IoT security issues have been with us for as long as IoT has been a ‘thing.’ But it seems that IoT attacks are becoming personal.
There are some eye-watering statistics out there about how fast IoT is growing. According to Forrester, via Security Week, there are 127 devices being connected to the internet every second of every day. This stat probably sounds scarier if you present it as roughly 11 million a day.
Monitoring that level of connection by security professionals would be a challenge and a half. Monitoring that level of connection by people and companies whose job is to make a better car or kettle, fridge or coffee maker is mind boggling. In fact, impossible.
Of course, IoT security is a more straightforward process than protecting devices with humans sitting in front of them, wondering whether that offer is too good to be true or whether there really are billions of dollars in a warehouse in Nigeria waiting to find a good home.
A machine has one job and it can be managed by other machines. In fact, IoT (or ways of making your company and its products more efficient) and therefore IoT security is one of the better use cases for AI. Even ‘basic’ AI (the fast look-up kind) is a key tool in the defence of what is becoming an ever more attractive attack vector.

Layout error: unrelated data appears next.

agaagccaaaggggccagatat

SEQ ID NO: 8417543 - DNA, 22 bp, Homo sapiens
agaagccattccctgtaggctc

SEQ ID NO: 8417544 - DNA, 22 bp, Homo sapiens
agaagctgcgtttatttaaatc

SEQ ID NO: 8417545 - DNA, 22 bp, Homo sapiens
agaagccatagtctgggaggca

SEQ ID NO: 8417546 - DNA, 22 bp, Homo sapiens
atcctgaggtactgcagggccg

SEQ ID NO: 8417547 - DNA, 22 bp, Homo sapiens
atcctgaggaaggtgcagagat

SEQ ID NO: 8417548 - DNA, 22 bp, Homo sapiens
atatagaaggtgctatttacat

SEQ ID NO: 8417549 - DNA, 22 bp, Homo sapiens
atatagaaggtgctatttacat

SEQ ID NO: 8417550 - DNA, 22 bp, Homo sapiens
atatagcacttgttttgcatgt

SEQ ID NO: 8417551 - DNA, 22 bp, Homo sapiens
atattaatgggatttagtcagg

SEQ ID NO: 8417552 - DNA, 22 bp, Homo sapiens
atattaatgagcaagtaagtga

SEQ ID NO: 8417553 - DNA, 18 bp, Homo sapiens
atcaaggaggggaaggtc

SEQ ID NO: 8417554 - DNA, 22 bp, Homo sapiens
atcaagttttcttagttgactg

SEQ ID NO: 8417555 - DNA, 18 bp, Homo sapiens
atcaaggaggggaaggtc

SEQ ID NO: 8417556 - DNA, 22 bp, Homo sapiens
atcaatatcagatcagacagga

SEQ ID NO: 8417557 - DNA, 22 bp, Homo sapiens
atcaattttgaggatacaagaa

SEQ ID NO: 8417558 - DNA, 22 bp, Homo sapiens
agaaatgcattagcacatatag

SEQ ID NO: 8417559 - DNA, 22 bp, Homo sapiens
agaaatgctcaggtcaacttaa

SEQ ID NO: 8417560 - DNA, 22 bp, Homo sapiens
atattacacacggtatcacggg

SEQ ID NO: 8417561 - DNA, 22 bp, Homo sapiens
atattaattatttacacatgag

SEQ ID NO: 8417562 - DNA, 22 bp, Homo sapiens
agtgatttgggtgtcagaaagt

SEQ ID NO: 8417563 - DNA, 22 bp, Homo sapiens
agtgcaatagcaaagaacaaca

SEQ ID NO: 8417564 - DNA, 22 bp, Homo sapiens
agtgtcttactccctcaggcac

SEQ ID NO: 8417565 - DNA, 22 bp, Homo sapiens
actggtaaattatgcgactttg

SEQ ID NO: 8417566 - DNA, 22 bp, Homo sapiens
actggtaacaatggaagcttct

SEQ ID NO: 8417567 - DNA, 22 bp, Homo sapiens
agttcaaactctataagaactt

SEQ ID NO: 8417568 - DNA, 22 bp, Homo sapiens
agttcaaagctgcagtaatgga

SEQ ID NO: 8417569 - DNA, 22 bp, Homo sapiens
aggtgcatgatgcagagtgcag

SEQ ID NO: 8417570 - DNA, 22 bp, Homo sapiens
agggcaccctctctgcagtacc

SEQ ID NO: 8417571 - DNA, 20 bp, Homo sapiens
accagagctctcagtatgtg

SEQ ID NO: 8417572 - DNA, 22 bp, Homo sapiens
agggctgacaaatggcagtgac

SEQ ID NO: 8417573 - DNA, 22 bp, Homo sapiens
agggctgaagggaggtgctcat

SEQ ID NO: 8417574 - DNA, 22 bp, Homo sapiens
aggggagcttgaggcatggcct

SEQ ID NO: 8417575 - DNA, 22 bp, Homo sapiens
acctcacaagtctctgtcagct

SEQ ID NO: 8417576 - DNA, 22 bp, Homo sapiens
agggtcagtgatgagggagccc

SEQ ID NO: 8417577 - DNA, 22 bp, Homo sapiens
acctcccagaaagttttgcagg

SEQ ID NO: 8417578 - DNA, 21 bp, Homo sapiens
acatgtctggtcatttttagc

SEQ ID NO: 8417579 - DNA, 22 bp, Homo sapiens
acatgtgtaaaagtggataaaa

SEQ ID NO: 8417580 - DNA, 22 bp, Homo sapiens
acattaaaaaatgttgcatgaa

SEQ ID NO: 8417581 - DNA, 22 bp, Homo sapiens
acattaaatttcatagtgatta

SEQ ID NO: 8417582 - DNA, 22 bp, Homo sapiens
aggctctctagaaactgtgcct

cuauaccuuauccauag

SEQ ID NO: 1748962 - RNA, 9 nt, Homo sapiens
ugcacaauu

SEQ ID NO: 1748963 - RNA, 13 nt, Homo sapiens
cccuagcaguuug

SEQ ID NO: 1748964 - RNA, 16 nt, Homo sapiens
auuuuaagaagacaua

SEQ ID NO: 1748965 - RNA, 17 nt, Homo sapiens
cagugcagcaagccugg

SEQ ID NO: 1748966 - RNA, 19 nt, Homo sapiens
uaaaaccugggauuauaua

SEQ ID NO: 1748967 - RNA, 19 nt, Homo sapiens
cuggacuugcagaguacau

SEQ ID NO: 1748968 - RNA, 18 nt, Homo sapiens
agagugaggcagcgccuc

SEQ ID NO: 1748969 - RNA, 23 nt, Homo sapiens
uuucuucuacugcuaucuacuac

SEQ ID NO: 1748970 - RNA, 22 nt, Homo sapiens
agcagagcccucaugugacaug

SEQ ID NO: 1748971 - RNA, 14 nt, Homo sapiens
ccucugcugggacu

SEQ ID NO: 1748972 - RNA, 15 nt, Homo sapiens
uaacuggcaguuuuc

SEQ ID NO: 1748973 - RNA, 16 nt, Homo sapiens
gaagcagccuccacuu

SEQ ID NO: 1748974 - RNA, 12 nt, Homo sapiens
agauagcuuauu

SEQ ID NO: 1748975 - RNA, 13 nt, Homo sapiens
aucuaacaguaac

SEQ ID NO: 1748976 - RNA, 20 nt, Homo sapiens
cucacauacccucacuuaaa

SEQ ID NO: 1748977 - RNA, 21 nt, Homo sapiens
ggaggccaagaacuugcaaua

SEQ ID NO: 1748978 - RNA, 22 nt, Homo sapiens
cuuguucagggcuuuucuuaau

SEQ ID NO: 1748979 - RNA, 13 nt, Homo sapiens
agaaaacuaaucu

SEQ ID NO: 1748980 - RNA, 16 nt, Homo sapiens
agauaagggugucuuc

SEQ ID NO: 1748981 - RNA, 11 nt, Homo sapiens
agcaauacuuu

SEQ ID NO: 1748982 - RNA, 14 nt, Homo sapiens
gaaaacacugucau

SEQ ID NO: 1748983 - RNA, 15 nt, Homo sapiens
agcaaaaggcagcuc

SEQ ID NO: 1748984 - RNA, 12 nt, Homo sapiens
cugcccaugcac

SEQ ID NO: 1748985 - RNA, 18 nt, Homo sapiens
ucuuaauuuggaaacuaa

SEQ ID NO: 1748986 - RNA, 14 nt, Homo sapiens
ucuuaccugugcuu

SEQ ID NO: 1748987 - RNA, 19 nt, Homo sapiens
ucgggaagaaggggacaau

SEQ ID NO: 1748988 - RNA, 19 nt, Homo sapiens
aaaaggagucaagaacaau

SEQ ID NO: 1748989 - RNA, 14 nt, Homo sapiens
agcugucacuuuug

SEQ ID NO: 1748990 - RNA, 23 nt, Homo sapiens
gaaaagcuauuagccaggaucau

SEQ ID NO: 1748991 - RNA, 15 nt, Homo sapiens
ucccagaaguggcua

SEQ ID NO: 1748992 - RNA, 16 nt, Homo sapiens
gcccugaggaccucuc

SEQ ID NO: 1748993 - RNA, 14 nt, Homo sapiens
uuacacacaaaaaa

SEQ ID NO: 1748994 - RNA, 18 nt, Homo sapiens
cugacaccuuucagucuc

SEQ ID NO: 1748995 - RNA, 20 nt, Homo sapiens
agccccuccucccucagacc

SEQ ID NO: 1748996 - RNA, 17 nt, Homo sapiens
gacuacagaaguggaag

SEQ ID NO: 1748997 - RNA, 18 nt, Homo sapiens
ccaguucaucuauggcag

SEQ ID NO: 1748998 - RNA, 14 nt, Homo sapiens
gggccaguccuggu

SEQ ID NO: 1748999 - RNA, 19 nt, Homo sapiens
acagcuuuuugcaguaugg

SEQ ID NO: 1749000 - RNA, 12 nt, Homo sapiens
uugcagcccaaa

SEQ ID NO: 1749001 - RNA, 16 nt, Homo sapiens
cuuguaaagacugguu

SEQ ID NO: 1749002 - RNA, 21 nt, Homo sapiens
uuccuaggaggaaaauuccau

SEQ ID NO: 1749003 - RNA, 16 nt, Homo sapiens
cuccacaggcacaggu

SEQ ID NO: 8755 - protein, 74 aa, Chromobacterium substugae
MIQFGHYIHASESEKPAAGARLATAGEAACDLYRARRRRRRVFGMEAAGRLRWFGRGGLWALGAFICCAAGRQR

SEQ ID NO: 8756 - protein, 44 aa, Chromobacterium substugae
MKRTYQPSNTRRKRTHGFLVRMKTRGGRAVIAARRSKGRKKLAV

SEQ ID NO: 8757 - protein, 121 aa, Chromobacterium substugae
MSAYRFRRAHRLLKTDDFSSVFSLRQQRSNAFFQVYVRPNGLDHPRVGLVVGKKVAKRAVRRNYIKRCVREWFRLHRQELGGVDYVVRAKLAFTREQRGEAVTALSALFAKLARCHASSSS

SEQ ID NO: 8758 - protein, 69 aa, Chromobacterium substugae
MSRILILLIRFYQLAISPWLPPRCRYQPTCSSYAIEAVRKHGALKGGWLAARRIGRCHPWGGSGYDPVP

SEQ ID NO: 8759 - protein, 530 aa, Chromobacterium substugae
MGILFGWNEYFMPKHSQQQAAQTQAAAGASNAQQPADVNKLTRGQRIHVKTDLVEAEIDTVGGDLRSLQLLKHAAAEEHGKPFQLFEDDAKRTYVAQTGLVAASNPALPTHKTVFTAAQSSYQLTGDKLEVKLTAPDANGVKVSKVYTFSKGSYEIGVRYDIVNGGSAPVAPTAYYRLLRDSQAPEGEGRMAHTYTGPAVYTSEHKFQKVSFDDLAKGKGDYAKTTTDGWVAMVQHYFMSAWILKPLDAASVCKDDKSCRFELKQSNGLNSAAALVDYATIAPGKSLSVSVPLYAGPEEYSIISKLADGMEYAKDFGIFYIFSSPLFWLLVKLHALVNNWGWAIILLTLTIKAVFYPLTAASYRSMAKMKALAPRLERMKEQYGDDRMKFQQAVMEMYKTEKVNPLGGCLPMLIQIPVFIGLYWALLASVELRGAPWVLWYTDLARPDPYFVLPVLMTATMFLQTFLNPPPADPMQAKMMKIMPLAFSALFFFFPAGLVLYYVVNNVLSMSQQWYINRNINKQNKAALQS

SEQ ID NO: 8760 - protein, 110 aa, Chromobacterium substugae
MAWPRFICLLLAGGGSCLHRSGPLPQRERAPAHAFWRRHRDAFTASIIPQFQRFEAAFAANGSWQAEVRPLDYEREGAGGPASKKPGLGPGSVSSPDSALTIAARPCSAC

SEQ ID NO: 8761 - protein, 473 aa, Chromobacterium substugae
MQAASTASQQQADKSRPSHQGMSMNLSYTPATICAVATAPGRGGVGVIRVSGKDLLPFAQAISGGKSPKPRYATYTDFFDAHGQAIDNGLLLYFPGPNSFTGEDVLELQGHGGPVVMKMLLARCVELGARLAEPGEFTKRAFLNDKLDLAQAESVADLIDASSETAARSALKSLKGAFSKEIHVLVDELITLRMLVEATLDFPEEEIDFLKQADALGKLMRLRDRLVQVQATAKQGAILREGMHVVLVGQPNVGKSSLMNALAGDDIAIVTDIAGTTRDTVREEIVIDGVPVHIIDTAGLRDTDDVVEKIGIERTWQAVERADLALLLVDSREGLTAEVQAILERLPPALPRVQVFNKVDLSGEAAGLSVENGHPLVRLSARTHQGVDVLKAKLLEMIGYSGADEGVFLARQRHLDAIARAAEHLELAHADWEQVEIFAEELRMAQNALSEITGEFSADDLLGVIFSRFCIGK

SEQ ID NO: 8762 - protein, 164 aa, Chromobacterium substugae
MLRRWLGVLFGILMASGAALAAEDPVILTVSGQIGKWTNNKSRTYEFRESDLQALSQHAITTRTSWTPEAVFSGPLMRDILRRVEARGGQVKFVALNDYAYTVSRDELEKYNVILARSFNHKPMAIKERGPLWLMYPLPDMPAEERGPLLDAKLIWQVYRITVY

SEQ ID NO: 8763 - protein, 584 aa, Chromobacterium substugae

The risks and rewards around IoT security are also a key issue.
What, security professionals might ask, is the worst that could happen if a coffee pot was hacked? Damnit, you might get a double fluffy whipped macchiato with an extra shot instead of a black coffee.
What, security professionals might ask, is the worst that could happen if a pacemaker was hacked? That is more serious. A lot more serious.
The report and survey from Forrester that we mentioned earlier also pointed to two-thirds of respondents knowing of an attack on an unmanaged IoT device and a report being presented to procurement executives says that 90% of consumers do not trust the security around IoT devices.
IoT security is an enormous issue and growing as fast as the ‘IoT’ itself. The good news is that we are dealing with machines not humans, which makes things a lot simpler. It is a question of prioritisation, training, awareness and plugging into the security professionals’ networks.
After all, they tend to love this stuff. Disruptive Asia